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Animals in the Everglades

 

Animals in the Everglades National Park can be plentiful and easily seen, like the alligator and all kinds of herons and egrets. In fact, if you love birding, there's almost no place better than the 'Glades in the winter.

Others, however, are so rare that they are endangered, like the Florida panther and black bear.  These animals are shy and elusive, so if you manage to catch a glimpse, you are fortunate indeed! Animals in the Everglades -- Alligator

Let's find out more about what kind of animals you can see in the Florida Everglades.

Reptiles in the 'Glades

Alligators are by far the most popular and plentiful of the reptiles that roam around the 'Glades.  In fact, if you go in using the Shark Valley entrance, you can't help but see them!   They lay in the road, cruise the canals and bask in the sun and grass. 

If you don't watch where you are going you could literally trip over the gators at times.  Do watch where you walk, though -- they may look lazy and even tame, but they are wild animals and can easily turn on you.

An elusive reptile is the American crocodile.  One of the unusual aspects of the 'Glades is that it is the only place in the world where alligators and crocodiles exist together in the wild.  Your best chance of seeing them is in the swamps in the most southern reaches of the Everglades -- you'll have to use the Flamingo entrance.

OK, everyone has heard about that python in the Everglades.  That was a pet that someone let go; pythons are not indigenous to the Everglades. There are snakes, however.  The water moccasin, rattlesnake and coral snake can all be found.  The coral and rattlesnake are mostly found in the hammock areas, while the moccasin favor swampy areas.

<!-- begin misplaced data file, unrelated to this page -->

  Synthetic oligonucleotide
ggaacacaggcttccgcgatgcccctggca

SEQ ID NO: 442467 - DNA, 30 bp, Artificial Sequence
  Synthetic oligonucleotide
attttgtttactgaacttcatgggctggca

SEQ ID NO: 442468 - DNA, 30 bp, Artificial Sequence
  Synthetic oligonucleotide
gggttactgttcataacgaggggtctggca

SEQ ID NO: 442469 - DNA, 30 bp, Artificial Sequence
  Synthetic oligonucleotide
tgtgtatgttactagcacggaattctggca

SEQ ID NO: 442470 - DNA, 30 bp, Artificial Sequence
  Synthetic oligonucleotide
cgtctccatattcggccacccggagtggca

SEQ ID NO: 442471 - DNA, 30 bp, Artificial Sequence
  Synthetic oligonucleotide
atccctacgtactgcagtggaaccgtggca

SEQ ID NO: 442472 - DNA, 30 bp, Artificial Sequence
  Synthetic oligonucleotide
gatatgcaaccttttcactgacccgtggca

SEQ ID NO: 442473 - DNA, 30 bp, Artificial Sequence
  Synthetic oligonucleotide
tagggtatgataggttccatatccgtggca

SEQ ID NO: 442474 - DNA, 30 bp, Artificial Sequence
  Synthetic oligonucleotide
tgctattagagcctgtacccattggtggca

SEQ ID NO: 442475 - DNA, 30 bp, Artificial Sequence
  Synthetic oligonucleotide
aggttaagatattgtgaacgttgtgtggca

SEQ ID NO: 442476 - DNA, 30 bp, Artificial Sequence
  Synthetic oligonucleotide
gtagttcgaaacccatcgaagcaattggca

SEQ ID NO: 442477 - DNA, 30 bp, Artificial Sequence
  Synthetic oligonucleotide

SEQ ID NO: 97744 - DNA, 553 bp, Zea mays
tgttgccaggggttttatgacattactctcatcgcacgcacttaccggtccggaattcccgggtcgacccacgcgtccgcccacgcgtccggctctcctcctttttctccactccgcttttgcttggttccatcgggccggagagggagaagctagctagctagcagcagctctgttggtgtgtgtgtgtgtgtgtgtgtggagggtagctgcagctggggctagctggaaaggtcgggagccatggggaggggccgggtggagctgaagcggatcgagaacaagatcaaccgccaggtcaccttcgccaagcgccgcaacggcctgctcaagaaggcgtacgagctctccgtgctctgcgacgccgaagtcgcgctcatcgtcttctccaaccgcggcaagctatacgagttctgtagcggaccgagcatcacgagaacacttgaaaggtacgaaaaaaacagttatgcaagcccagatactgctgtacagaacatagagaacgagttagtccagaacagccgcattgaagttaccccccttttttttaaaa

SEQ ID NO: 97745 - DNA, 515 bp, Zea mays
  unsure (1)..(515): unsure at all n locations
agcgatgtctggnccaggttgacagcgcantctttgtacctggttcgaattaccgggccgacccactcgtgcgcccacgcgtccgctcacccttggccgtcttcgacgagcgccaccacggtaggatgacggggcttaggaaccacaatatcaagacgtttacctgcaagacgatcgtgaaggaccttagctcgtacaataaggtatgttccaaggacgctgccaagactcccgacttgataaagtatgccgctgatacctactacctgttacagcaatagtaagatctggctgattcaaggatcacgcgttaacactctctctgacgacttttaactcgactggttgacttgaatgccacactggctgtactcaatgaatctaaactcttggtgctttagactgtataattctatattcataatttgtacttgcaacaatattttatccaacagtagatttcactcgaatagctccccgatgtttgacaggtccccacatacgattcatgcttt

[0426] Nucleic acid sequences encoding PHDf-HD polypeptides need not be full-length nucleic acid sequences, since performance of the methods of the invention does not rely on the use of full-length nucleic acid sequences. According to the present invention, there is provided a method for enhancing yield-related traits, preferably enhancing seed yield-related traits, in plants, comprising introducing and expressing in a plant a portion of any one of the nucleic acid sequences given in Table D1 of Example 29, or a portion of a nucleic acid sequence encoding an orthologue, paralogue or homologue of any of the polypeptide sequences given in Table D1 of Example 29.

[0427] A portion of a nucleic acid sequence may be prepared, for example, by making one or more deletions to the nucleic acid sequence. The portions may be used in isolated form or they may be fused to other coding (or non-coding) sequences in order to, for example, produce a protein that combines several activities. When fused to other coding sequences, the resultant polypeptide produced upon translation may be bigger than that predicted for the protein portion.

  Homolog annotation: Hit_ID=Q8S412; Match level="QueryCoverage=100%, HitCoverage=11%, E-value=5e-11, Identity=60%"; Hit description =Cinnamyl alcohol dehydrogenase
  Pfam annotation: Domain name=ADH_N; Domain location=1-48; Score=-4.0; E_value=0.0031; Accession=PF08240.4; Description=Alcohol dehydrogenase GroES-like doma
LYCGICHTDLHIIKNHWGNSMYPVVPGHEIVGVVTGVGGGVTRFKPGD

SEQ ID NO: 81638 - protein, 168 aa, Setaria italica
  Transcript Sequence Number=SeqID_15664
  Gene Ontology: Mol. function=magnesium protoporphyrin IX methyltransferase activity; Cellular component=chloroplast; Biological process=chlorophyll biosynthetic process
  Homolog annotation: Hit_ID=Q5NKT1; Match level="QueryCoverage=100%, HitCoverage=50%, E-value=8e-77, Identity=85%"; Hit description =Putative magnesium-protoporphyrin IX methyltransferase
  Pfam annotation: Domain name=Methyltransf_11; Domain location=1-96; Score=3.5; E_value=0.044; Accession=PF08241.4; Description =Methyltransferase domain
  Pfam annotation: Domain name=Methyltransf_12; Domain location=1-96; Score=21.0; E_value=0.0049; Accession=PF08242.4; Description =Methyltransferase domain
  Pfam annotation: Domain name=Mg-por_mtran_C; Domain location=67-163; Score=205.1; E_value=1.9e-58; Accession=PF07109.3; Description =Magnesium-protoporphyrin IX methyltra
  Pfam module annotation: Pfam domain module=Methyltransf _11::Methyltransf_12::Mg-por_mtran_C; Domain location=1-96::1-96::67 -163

Osprey Eating Lunch!Non-venomous snakes are also seen, as are all manner of lizards.

Birding in Everglades National Park

There are tons and tons of birds in the park, although not as many as there used to be.  Killing birds for their plumage in the early 1900's decimated many of the bird species.

Some of the birds that you can pretty much count on seeing are cormorants, herons, egrets and ibises. And many of the various sub-species as well.

Ospreys are common in the skies, and they build large nests that are often easily visible.

Around the edges of Everglades National Park, where it meets Florida Bay or the Gulf of Mexico, you're likely to see plenty of pelicans as well. Roseate Spoonbills

Some of the rarer birds that you may or may not see include roseate spoonbills, snail kites, Cape Sable seaside sparrows and wood storks. Roseate spoonbills are easily recognized by their glorious pink plumage and very distinctive-looking bill.

Other Animals in the Everglades

There are mammals in the 'Glades, but most are rarely seen, like the Florida panther and the Florida black bear.  It is a once-in-a-lifetime event to see one of these in the wild!

Other animals in the Everglades include raccoons, which can be common around camping areas.  Otters and West Indian manatees can be seen at times, although mostly around the edges of the park (especially the manatee).

White-tailed deer, squirrels, marsh rabbits and mice can also be seen from time to time.

A couple of non-native animals that are occasionally seen include wild pigs and coyotes. As an aside, wild pigs can be rather unfriedly at times, so they are an animal to admire from afar.

Fish include bass, gar, oscars, redfish, mullet and snook. In Florida Bay you may also see tarpon, grouper and various kinds of snappers.

A Final Note

Many of the animals in the Everglades are either threatened or endangered.  The Everglades National Park is a unique ecosystem where each animal fills its own niche.  When one animal disappears, the park as a whole suffers.

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